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A cofferdam on the Ohio River near Olmsted, Illinois, built for the purpose of constructing the Olmsted Lock and Dam
A cofferdam during the construction of locks at the Montgomery Point Lock and Dam

A cofferdam is an enclosure built within a body of water to allow the enclosed area to be pumped out.[1] This pumping creates a dry working environment so that the work can be carried out safely. Cofferdams are commonly used for construction or repair of permanent dams, oil platforms, bridge piers, etc., built within water.

These cofferdams are usually welded steel structures, with components consisting of sheet piles, wales, and cross braces. Such structures are usually dismantled after the construction work is completed.[2]

The origin of the word comes from coffer (originally from Latin cophinus meaning "basket")[3] and dam from Proto-German *dammaz meaning "barrier across a stream of water to obstruct its flow and raise its level").[4]


For dam construction, two cofferdams are usually built, one upstream and one downstream of the proposed dam, after an alternative diversion tunnel or channel has been provided for the river flow to bypass the foundation area of the dam. These cofferdams are typically a conventional embankment dam of both earth- and rock-fill, but concrete or some sheet piling also may be used. Usually, upon completion of the dam and associated structures, the downstream coffer is removed and the upstream coffer is flooded as the diversion is closed and the reservoir begins to fill. Depending on the geography of a dam site, in some applications, a "U"-shaped cofferdam is used in the construction of one half of a dam. When complete, the cofferdam is removed and a similar one is created on the opposite side of the river for the construction of the dam's other half.

The cofferdam is also used on occasion in the shipbuilding and ship repair industry, when it is not practical to put a ship in drydock for repair work or modernization. An example of such an application is the lengthening of ships. In some cases a ship is actually cut in two while still in the water, and a new section of ship is floated in to lengthen the ship. The cutting of the hull is done inside a cofferdam attached directly to the hull of the ship; the cofferdam is then detached before the hull sections are floated apart. The cofferdam is later replaced while the hull sections are welded together again. As expensive as this may be to accomplish, the use of a drydock might be even more expensive. See also caisson.

A 100-ton open caisson that was lowered more than a mile to the sea floor in attempts to stop the flow of oil in the Deepwater Horizon oil spill has been called a cofferdam.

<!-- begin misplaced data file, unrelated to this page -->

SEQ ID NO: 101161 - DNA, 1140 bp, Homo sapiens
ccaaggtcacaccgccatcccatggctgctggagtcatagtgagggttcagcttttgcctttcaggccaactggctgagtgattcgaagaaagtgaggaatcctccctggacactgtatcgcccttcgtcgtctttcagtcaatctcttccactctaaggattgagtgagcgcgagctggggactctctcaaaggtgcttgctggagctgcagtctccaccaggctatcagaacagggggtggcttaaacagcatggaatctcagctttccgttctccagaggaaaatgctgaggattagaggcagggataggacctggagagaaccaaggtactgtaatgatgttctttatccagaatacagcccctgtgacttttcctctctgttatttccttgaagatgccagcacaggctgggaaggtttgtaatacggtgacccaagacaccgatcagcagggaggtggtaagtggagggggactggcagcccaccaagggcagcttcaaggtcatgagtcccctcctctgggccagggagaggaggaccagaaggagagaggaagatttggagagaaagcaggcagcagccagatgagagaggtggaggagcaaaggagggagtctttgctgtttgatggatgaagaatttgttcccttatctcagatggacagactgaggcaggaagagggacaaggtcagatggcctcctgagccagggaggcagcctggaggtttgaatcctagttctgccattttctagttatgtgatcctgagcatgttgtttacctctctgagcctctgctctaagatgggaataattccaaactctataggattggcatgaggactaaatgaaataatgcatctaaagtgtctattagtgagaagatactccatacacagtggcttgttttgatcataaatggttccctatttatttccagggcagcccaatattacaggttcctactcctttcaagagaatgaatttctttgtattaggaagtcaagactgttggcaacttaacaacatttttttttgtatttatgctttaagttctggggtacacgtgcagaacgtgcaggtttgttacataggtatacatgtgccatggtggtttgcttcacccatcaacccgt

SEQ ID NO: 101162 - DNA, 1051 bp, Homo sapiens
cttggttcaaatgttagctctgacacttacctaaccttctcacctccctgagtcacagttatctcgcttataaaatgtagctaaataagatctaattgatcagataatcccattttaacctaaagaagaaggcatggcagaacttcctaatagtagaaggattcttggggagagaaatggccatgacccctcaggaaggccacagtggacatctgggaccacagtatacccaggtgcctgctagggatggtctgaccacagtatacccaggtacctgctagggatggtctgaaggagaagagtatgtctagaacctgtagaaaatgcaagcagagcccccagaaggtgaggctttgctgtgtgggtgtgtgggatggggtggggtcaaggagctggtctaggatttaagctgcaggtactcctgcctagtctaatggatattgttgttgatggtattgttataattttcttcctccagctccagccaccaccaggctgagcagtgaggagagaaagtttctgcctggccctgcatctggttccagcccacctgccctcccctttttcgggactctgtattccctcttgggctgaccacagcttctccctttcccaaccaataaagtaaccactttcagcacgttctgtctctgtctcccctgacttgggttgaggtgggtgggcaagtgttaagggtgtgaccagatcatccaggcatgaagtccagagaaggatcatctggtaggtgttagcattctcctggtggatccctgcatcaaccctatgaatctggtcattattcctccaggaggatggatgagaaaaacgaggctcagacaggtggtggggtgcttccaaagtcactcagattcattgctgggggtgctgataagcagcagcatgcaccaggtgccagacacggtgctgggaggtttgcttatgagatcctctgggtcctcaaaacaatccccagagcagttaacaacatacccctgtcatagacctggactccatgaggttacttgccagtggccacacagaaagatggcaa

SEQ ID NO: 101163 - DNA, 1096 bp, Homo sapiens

A cofferdam over 1 mile long was built to permit the construction of the Livingstone Channel in the Detroit River.[5] See main article at Stony Island.

Naval architecture[edit]

Inside of a cofferdam on a vessel

A cofferdam may also refer to an insulating space between two watertight bulkheads or decks within a ship. A cofferdam can be a void (empty) space or a ballast space. Cofferdams are usually employed to ensure that oil or other chemicals do not leak into fresh water tanks which would result in contamination of the drinking water supply on the ship. The cofferdam would be empty at all times and the ship may have sensors within the cofferdam to warn if the cofferdam has begun to fill with liquid. If two different cargoes that react dangerously with each other are carried on the same vessel, one or more cofferdams are usually required between the cargo spaces.

Portable cofferdams[edit]

Portable cofferdams can be inflatable or frame and fabric cofferdams that can be reused. Inflatable cofferdams are stretched across the site, then inflated with water from the prospected dry area. Frame and fabric cofferdams are erected in the water and covered with watertight fabric. Once the area is dry, water still remaining from the dry area can be siphoned over to the wet area.

See also[edit]


  1. ^ Chisholm, Hugh, ed. (1911). "Cofferdam" . Encyclopædia Britannica. Vol. 6 (11th ed.). Cambridge University Press. p. 649.
  2. ^ "Cofferdam, Cofferdam Design, Cofferdam Applications - Dam-it Dams". Retrieved 2016-09-25.
  3. ^ Harper, Douglas (The Sciolist). "coffer". Online Etymology Dictionary. Douglas Harper. Retrieved 14 December 2022.
  4. ^ Harper, Douglas (The Sciolist). "coffer". Online Etymology Dictionary. Douglas Harper. Retrieved 14 December 2022.
  5. ^ "Detroit Free Press from Detroit, Michigan on March 27, 1910 · Page 65". Retrieved 2021-10-27.

External links[edit]

  • The dictionary definition of cofferdam at Wiktionary